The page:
In this episode we discuss the interesting extinct and extant mammals that Darwin collected in South America during his voyage on the Beagle. James makes an argument that it was the mammals that Darwin collected that stimulated his idea that species evolve. Sarah talks about why there are so many large mammals in Africa and not in South America, which Darwin thought was odd since vegetation growth is much more dense and thick in the rain forest of South America compared to the plains of Africa.
Some of Darwin's unique species he collected on his voyage.
|From Darwin's journal where he realizes species transmutate|
"In July opened first note book on 'transmutation of Species'—Had been greatly struck from about month of previous March on character of S. American fossils—& species on Galapagos Archipelago. These facts origin (especially latter) of all my views."
From Darwin's Journal July 1837.
Darwin was struck by two interesting aspects of the mammals of South America. The first was that there was a strong correspondence between the mammals that he shot, collected and ate in South America with the fossils he collected in the same area. Three major kinds of mammals intrigued Darwin during his exploration of South America. The first is the sloths, a slow moving herbivore mammal that are adapted to feeding on leaves and fresh buds of the cecropia tree. The first mammal Darwin collected was giant bones from the megatherium, an extinct species of giant ground sloth.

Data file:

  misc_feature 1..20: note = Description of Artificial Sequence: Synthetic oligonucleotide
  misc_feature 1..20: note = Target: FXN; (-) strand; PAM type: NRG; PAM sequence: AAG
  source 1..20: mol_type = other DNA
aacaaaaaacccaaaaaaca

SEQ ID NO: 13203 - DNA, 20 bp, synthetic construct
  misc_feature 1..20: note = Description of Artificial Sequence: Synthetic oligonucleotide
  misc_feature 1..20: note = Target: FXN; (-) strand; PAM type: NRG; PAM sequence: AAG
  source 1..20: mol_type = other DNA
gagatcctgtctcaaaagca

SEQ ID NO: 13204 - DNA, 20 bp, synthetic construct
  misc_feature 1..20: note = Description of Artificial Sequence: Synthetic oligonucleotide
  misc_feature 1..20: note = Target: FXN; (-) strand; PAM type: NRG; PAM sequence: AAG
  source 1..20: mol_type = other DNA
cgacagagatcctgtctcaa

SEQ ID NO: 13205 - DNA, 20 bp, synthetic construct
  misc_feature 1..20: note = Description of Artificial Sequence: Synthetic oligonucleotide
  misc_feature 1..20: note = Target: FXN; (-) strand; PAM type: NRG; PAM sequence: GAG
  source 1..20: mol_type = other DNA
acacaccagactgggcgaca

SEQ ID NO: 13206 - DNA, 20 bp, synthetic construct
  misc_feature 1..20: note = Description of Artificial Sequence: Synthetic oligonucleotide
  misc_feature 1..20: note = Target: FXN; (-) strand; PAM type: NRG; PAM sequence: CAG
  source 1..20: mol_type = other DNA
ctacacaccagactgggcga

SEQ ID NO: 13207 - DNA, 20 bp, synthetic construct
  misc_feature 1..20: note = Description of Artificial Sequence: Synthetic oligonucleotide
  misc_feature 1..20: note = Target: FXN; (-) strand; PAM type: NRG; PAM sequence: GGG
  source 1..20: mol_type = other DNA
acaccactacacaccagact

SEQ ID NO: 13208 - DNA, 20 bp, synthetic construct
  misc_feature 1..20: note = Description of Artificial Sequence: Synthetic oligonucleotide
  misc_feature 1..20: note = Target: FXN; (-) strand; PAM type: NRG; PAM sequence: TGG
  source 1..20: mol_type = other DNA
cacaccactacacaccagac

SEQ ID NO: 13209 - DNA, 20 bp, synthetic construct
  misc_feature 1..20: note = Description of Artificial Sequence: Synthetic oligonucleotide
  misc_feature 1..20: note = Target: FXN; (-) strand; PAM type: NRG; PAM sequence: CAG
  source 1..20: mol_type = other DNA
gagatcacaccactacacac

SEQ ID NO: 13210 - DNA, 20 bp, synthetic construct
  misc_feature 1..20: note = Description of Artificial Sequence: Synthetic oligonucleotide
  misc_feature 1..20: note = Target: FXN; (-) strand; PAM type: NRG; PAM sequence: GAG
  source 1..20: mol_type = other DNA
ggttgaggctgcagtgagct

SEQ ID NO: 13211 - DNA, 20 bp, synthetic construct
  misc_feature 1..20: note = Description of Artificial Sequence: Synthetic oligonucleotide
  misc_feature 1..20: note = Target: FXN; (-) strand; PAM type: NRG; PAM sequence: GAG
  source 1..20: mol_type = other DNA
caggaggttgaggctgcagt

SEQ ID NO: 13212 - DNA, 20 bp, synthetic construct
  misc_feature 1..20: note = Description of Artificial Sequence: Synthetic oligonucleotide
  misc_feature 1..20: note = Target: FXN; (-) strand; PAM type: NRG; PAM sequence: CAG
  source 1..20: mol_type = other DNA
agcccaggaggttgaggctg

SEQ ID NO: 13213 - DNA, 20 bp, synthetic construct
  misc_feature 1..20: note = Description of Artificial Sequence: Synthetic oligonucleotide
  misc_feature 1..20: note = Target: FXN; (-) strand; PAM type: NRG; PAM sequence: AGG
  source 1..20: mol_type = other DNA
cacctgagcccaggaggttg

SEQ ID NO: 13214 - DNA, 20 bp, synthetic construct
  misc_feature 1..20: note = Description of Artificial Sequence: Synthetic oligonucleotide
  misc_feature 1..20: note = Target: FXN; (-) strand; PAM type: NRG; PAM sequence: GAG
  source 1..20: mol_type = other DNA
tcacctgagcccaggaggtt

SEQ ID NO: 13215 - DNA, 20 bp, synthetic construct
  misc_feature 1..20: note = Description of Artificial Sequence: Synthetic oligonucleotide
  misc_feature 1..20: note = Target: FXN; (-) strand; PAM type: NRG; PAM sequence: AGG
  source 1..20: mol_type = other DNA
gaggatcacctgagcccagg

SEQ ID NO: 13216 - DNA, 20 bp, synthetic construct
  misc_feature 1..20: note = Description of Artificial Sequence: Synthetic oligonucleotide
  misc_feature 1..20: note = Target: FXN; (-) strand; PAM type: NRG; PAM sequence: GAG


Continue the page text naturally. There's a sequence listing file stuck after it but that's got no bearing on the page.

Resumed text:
The other mammal type that intrigued Darwin was the fossil giant Glyptodont which looks similar to the extant armadillo still found in from South America up through Central America into the southern regions of North America.
Follow this link to a wonderful National Geographic article that discusses some of these amazing prehistoric mammals.
During the discussion Sarah mentioned the diversity of form prehistoric mammals exhibited in the fossil record. The image below collects some of the various forms of elephants that have evolved over the past 65 million years. Note how diverse the tusks, modified teeth, have developed in the various species.
Josh mentioned how impressive it is to watch vampire bats feed. Here is a link to cool video from National Geographic that shows interesting bat behavior but the narrator tries to hard to be cute.